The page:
Unless you’re a finance or money guru (so lucky!), keeping track of your money is hard. From our weekly (er, daily, for some of us!) Target runs to buying a little more than you expected at that last Madewell sale, we don’t always understand the small changes that could help us reach our savings goals. Personal finance doesn’t have to be exclusive to math geniuses any longer. Alysha Olson is a Ramsey Solutions Master Financial Coach (yeah, like Dave Ramsey, the financial guru we’ve been looking up to for decades!), and she’s letting us in on some of the easiest ways to improve your finance game ASAP. With her tips, that summer Greece vacation seems pretty doable!
1. Run your credit report
Between student loans, car payments, and the oh-so-convenient credit card, do you really understand how much money you owe to others? The first step to moving forward is understanding where you are today. You are entitled to one free credit report every 12 months from each of the three credit reporting companies. You can look here for more information.
2. Set up a recurring auto-draft for savings
Ideally, you would do this for your retirement and your savings accounts. Auto-drafting as little as $30 or $50 a month adds up quickly and you probably won’t even notice it’s missing! Your future self will thank you when the inevitable rainy day hits!
3. Close one account
When I was first starting to get my financial house in order, I realized I was paying for a gym membership I wasn’t using! Every month I meant to cancel but life would get busy and I would inevitably forget. For you, it might be a membership, subscription, or credit account. If you have that one expense that you keep meaning to drop, don’t even read the rest of this article — do it now.
4. Quit one habit that’s costing you money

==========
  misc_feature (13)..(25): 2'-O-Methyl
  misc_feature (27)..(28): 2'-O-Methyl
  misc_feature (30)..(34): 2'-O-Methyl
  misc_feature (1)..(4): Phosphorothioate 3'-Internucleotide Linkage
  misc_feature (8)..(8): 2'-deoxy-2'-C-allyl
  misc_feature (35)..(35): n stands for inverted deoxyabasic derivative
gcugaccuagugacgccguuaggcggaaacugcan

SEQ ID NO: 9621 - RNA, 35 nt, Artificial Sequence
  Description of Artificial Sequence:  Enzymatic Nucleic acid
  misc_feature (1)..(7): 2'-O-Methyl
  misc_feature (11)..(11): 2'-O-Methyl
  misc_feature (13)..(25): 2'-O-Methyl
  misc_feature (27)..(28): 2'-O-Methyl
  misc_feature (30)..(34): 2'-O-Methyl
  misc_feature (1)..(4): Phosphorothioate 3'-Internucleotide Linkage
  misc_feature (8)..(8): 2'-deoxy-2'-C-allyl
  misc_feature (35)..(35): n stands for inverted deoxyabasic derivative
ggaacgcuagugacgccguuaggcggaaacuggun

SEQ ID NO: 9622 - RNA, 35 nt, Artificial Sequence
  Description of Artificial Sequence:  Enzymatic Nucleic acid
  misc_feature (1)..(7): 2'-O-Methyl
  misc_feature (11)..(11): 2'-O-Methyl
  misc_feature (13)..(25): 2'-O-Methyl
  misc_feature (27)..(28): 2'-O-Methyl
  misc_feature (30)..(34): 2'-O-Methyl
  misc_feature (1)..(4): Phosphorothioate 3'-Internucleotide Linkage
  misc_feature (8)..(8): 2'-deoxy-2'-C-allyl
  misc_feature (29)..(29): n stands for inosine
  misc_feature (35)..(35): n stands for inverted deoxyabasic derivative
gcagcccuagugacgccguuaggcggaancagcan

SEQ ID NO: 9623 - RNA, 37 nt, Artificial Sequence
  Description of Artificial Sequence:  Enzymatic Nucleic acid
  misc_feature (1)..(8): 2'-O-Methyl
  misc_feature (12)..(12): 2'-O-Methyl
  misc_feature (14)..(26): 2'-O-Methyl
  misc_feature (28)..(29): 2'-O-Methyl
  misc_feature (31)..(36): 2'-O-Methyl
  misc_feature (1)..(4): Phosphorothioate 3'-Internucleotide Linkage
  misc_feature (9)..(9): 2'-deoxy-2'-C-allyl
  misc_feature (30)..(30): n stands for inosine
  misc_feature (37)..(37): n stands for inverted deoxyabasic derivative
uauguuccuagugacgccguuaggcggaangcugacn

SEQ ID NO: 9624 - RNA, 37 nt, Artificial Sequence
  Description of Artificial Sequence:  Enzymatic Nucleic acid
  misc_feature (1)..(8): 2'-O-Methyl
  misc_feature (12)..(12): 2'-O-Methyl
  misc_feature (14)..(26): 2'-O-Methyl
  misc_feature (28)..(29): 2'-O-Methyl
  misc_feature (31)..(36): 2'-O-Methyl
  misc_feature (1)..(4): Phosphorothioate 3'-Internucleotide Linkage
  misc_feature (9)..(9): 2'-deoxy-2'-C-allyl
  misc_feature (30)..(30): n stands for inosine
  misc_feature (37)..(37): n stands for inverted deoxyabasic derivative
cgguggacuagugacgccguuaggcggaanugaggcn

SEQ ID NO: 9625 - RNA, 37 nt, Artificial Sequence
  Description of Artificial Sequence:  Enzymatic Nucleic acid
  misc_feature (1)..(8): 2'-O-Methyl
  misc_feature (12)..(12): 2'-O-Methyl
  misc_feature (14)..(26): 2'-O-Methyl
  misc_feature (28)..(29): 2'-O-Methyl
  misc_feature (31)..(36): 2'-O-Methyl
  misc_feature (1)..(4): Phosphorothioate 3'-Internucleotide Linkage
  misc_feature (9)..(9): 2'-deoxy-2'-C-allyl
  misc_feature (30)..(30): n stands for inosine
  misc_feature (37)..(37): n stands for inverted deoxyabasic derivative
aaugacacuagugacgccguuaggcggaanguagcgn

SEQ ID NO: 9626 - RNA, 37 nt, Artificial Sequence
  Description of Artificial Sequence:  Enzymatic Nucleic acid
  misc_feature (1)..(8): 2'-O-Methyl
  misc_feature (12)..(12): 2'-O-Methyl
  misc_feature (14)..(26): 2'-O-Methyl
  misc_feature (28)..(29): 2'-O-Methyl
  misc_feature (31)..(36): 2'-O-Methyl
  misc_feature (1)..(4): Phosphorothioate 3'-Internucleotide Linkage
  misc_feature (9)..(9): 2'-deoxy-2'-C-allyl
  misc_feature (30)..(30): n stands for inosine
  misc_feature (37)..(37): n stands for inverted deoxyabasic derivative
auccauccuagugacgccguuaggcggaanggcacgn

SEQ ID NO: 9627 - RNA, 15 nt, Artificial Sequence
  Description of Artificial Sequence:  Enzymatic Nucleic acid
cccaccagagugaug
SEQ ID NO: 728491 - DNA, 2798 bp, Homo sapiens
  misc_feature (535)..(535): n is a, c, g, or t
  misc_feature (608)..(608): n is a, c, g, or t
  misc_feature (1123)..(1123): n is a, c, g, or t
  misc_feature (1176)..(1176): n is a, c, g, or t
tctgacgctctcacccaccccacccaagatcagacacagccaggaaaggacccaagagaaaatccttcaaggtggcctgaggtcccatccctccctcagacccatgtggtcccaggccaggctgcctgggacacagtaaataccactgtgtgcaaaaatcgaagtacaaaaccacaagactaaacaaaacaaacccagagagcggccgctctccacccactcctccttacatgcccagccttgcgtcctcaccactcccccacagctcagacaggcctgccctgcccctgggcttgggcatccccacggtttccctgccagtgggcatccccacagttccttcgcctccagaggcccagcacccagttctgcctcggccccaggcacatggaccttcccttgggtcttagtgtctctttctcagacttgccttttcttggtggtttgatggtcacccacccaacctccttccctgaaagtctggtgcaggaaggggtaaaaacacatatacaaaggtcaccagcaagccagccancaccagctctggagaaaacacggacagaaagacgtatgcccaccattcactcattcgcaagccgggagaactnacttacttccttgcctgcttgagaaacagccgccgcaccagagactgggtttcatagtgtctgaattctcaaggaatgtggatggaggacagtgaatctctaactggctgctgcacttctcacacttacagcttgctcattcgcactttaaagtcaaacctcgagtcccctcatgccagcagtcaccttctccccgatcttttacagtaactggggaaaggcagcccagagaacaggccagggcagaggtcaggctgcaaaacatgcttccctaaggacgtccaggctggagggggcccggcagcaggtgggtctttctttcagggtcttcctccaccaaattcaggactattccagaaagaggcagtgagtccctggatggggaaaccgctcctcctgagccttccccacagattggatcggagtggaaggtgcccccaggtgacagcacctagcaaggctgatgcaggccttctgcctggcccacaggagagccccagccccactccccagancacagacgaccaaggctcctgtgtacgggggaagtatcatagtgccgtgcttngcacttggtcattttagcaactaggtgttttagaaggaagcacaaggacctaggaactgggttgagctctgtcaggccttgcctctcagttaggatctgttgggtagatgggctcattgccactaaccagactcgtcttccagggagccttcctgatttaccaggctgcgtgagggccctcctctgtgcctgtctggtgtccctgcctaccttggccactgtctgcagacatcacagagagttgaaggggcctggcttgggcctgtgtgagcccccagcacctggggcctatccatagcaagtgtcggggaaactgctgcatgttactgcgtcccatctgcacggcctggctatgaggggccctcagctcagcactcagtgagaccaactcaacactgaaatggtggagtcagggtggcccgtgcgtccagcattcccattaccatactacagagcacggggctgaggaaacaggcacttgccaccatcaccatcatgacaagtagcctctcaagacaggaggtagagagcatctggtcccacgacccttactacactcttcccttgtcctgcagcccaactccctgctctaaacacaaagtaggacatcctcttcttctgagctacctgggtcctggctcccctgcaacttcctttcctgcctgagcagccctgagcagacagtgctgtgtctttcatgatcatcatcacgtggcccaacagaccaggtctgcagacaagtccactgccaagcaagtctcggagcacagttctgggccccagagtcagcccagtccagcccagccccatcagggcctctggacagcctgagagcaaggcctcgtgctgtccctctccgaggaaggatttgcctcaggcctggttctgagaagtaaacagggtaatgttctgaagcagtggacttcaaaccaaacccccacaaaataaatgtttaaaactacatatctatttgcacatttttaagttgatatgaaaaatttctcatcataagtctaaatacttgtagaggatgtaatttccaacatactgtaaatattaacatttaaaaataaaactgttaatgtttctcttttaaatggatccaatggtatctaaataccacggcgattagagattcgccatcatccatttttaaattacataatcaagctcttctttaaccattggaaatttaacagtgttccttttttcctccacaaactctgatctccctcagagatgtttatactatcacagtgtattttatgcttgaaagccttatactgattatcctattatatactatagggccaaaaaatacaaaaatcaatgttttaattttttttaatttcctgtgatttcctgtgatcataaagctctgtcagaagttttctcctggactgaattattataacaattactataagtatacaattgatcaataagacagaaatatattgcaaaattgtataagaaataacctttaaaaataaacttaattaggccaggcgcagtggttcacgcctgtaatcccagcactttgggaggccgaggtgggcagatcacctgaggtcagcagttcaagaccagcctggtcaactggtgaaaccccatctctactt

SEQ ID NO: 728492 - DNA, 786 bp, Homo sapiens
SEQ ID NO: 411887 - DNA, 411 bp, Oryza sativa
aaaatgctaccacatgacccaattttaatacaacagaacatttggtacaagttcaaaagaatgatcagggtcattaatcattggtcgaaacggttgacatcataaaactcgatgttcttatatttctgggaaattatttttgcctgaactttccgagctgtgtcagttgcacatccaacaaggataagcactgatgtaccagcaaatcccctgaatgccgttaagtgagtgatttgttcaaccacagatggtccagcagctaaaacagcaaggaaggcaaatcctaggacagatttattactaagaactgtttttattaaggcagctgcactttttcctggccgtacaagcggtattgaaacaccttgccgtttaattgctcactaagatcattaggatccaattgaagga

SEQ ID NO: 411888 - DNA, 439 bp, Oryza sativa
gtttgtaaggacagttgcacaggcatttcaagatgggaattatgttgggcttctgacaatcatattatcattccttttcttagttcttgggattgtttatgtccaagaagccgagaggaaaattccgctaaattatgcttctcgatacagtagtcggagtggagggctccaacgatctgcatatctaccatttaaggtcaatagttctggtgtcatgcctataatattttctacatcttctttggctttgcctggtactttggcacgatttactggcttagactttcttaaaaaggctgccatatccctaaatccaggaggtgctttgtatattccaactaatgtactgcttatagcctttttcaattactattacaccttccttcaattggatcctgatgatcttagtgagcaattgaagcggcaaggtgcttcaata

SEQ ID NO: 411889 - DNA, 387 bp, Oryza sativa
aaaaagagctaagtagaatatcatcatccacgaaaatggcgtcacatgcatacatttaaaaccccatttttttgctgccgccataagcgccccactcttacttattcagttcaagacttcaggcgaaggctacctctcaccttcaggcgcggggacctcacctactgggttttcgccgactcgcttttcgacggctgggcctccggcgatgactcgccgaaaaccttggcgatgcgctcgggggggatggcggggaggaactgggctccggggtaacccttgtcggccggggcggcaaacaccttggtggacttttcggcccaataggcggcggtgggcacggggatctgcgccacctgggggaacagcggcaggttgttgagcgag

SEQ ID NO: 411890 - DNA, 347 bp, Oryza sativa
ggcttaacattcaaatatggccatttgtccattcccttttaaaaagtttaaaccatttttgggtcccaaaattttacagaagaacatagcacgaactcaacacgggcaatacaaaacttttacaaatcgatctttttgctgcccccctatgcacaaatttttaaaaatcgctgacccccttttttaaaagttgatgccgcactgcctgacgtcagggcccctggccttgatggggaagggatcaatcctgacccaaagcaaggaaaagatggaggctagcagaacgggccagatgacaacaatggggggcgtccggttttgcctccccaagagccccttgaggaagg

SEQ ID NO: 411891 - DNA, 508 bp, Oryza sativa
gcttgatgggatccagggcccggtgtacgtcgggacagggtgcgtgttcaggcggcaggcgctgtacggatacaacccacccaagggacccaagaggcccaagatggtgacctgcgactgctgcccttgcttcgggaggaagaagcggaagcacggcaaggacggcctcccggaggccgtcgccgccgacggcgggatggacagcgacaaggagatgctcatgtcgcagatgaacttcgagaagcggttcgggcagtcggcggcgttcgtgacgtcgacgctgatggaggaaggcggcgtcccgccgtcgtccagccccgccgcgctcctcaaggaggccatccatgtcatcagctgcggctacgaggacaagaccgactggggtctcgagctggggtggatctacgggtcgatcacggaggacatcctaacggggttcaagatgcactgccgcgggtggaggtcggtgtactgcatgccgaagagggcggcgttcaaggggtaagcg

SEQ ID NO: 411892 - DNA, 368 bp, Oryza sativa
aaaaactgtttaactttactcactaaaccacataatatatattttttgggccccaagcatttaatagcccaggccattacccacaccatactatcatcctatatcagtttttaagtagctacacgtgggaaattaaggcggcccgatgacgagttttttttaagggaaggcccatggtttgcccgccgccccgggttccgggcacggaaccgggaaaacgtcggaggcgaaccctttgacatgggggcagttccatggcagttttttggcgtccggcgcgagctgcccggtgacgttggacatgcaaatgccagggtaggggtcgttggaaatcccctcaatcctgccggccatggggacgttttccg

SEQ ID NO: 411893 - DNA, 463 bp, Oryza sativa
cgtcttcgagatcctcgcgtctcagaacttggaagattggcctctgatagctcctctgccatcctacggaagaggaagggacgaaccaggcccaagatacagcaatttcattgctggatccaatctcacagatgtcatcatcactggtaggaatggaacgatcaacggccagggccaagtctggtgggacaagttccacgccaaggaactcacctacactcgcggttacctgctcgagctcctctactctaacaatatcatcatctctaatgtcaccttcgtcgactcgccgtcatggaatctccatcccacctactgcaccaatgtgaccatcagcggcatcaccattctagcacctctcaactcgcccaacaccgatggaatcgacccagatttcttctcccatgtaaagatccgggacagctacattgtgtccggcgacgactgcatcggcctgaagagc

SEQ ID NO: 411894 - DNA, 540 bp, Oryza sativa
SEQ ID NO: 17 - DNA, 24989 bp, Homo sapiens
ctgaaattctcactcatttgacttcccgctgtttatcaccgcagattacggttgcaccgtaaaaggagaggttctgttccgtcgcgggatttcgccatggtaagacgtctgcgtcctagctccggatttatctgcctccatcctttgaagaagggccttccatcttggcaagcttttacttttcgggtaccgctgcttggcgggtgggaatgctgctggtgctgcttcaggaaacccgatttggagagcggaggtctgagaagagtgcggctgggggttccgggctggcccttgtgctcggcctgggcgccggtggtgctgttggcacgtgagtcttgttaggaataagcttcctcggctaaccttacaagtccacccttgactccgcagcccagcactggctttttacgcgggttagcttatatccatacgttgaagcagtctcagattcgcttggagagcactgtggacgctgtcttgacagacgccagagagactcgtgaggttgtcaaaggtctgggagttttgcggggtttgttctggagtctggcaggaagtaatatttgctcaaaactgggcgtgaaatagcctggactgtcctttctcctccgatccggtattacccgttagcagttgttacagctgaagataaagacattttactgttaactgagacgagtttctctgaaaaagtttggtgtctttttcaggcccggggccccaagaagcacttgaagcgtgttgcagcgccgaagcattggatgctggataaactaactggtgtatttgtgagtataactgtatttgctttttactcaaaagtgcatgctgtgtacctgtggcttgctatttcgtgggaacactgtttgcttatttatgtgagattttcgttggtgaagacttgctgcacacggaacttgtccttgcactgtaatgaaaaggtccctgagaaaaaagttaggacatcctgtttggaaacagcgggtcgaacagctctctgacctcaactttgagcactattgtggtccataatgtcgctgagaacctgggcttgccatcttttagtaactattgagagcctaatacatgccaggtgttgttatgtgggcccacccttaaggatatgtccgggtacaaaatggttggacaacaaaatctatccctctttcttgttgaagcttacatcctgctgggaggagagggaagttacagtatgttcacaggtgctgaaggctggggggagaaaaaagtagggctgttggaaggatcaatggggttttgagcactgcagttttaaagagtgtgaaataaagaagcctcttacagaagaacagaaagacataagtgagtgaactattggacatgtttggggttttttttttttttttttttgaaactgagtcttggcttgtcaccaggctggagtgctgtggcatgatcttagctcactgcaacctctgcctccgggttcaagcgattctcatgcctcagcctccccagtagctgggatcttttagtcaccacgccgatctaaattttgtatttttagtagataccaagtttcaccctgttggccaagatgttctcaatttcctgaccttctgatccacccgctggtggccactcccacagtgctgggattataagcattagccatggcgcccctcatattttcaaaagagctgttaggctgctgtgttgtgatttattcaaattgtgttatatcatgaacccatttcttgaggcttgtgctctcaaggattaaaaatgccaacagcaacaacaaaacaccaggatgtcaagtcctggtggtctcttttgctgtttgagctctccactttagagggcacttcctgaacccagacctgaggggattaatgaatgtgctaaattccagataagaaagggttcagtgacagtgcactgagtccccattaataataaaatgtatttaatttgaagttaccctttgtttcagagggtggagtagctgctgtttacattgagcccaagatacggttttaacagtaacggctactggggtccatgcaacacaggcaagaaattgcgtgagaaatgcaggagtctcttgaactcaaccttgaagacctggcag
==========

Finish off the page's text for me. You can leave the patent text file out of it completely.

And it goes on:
Try visiting the coffee shop three days instead of five, have one drink at happy hour instead of two, grocery shop instead of ordering out. There are boatloads of habits we form that cost us money. It doesn’t need to be drastic, but saving $10-$20 a few times a week adds up quickly!
5. Track what you spend
Get an app on your phone or carry around a good old fashioned notebook to document every single cent you spend. The numbers may surprise you. You can use this information to create a budget for next month!
6. Visit the bank or ATM
Use cold, hard cash when you can. On average, people spend 12-18% more money when they pay with a credit card.
7. Clean up
I don’t know about you, but there’s nothing that squanders a shopping itch like an empty laundry basket. When all of my clothes are clean and in the closet, I realize how much I already have!
8. Cancel auto-payments
Hear me out on this one. Auto-payments are a procrastinator’s best friend, but when is the last time you really looked at one of those bills? Chances are, if you are auto-paying bills, you aren’t “feeling” how much you are spending each month. Typing $175 into the online payment website hurts. Paying bills yourself will force you to examine your expenses.
That being said, if forgetting to pay bills on time is impacting your credit then keep the auto-payment on and set a financial date with yourself (use that handy reminder in your phone) to look over your expenses each month.
9. Speak kind words to yourself
I am constantly hearing my clients say “I’ll never have enough money” or “I will never figure this out.” Your mind will believe you when you say things like that! Speak positive words out loud to yourself. Marie Forleo loves to say, “There’s more where that came from!” every time she picks even a penny up off the street!
10. Talk to someone else
Tell a friend, your mother, your therapist — anyone who is trustworthy — about your financial hopes, fears, struggles, and frustrations. Chances are, they too have been through something similar or are in the trenches with you. You may find out your mom has a great grocery shopping tip or your friend is also feeling burdened by your twice-weekly happy hour habit. Remember you are not alone, my friend!